When exporting private keys and then re-importing them for a swap there exists the possibility of exposing the keys. As such, we recommend that everyone have another Ethereum wallet ready for your Halo after the swap. Once you have performed the swap you should move your Halo to your secure wallet and consider the swap wallet to be compromised or burned. Although it may not in fact be compromised we consider this to be the most secure plan any time your private keys become exposed. You may choose to keep your Halo in your swap wallet if you are confident in the security of your private keys during the swap. The ultimate location of the Halo will not matter as long as it’s an Ethereum wallet that is capable of holding ERC-20 tokens
Being as Halo will now be a token on the Ethereum chain it will be subject to all the same rules of moving tokens on Ethereum. This is to say you will need enough Ethereum in your swap wallet to then move the Halo out, which will require spending ETH for network fees. Given the current high gas fees on the network you should make sure to have enough ETH to transfer the Halo in what you consider to be a timely fashion. Paying minimum gas fees could delay the transaction for hours or days as miners work through all the pending transactions.
You will have to export your private keys using browser extension. For those that are unable to use the browser extension for some reason the team has prepared a script to use with Featherlite. We encourage you to use the extension if you are at all able as it is the path with the fewest possible steps and least chance for error. If you cannot get the extension to work a team member will supply you with a script to run with the exported Featherlite json. Regardless of which method you use to export your keys, the import process on Ethereum will be the same. The tutorial below is based on the use of the extension.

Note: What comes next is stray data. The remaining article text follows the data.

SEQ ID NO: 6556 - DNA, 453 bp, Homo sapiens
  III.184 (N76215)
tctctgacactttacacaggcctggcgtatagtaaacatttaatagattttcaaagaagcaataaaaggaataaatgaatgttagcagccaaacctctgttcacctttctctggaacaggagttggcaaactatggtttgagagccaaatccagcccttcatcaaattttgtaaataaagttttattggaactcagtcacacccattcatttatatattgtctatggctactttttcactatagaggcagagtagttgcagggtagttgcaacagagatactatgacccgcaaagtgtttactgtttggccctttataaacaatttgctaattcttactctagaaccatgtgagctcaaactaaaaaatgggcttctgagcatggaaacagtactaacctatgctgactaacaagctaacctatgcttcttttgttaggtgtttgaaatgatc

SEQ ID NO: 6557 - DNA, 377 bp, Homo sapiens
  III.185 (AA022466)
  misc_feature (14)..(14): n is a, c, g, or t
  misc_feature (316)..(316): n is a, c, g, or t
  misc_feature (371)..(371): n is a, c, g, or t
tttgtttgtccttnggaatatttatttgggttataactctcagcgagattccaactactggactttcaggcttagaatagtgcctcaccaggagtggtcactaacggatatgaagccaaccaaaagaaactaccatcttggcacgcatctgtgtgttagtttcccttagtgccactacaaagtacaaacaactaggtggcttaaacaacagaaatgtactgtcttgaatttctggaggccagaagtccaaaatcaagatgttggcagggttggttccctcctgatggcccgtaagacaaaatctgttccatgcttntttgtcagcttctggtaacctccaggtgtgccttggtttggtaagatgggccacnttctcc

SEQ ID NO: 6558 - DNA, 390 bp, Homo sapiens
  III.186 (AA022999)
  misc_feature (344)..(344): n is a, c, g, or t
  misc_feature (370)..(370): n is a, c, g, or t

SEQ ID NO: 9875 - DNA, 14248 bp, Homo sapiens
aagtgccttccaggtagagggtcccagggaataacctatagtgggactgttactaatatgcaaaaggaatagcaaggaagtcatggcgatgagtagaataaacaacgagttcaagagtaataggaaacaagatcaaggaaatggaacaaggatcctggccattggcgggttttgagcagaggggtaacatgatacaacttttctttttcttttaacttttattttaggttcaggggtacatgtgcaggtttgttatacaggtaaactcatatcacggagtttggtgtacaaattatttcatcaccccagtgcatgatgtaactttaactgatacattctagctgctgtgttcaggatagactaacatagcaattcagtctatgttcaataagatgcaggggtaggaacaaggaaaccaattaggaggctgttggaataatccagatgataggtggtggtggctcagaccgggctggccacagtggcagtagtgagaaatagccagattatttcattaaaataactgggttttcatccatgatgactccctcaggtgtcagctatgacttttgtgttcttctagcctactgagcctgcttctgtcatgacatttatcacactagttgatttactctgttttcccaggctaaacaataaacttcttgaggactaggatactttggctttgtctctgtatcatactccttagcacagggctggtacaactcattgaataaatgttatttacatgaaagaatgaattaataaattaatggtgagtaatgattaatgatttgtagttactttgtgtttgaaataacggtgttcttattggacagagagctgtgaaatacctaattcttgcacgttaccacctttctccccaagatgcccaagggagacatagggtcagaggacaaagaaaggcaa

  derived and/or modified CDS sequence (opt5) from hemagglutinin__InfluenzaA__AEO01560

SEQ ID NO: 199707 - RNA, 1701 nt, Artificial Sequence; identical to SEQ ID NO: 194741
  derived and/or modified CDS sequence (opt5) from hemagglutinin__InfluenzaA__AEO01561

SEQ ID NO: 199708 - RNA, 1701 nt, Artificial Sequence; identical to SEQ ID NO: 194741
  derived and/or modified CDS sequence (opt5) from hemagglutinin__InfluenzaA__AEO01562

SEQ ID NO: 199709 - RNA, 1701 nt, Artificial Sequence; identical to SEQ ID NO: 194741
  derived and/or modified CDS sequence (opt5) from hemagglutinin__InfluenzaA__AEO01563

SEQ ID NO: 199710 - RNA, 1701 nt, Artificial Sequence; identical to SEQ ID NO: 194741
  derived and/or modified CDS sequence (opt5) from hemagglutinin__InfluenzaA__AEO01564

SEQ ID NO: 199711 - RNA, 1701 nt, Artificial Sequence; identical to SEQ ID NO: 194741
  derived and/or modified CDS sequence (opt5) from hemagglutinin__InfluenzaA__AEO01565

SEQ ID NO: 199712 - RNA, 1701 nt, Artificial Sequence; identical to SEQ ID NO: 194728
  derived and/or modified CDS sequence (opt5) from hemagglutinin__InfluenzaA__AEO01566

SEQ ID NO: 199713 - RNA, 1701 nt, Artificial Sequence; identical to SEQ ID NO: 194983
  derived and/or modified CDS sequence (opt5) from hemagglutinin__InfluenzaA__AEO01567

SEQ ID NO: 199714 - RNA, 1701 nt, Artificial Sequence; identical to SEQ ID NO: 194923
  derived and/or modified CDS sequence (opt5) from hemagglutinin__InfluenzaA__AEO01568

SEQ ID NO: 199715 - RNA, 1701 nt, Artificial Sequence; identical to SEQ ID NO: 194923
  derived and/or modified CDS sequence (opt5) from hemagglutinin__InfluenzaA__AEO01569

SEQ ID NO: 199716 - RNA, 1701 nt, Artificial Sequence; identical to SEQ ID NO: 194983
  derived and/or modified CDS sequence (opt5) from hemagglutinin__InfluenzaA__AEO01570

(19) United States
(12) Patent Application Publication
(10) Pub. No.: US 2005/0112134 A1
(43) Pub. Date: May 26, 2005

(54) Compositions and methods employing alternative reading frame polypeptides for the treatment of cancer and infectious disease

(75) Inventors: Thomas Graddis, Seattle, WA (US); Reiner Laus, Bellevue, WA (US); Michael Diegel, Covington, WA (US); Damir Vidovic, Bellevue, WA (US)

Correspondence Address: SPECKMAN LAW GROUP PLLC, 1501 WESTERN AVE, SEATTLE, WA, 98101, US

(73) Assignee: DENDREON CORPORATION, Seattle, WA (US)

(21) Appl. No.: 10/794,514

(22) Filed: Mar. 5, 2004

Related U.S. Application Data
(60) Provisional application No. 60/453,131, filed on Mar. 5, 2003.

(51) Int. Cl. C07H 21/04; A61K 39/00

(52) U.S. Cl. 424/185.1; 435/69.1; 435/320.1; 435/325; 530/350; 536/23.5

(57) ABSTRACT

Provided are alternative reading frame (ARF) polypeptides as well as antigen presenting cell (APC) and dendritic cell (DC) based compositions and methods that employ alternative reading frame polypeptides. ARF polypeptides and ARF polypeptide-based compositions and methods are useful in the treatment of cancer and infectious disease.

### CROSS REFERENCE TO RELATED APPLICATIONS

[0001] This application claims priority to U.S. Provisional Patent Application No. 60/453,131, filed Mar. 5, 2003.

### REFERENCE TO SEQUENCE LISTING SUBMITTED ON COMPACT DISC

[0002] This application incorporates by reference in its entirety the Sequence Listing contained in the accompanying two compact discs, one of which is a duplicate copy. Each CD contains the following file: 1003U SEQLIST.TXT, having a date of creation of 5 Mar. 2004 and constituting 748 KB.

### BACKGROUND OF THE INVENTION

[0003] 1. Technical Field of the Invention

Halo Platform browser extension Private Key export instructions:
1. Log into the Halo Platform chrome browser extension if you haven’t already.
2. Click the “Launch Feather” button on the bottom right hand side.
3. On the left, click on the “Settings” tab.
4. Click the three dots on the account that you want to export.
5. Click “Get account private key (unprotected).
6. Enter your Master password (Note: this could be a different password than your login password)
7. Tick the “I understand, show private key” slider, then your private key will be revealed. Click “copy to clipboard”.
8. Open a Notepad text file and temporarily paste in Notepad.
9. If you already have Metamask installed, skip to Step 14. If not, using the link below, install Metamask on Google Chrome. After installing Metamask, click the “Get Started” button.
10. Click the “Create a wallet” button.
11. If you agree with their terms and conditions, click “I agree”.
13. Make sure to click to reveal the secret words and store them somewhere safe if you plan on using this initial wallet at a later date.
14. Click the colorful circle in the top right. Then click “Import Account”.
15. Make sure “Private Key” is selected, then paste your private key that you copied from Step 7. Click the “Import” button.
16. If Metamask doesn’t default to your new Imported account, click the colorful circle in the top right had corner, then your new imported account should display. It should be the same address as your Halo address, but now it is on the Ethereum blockchain.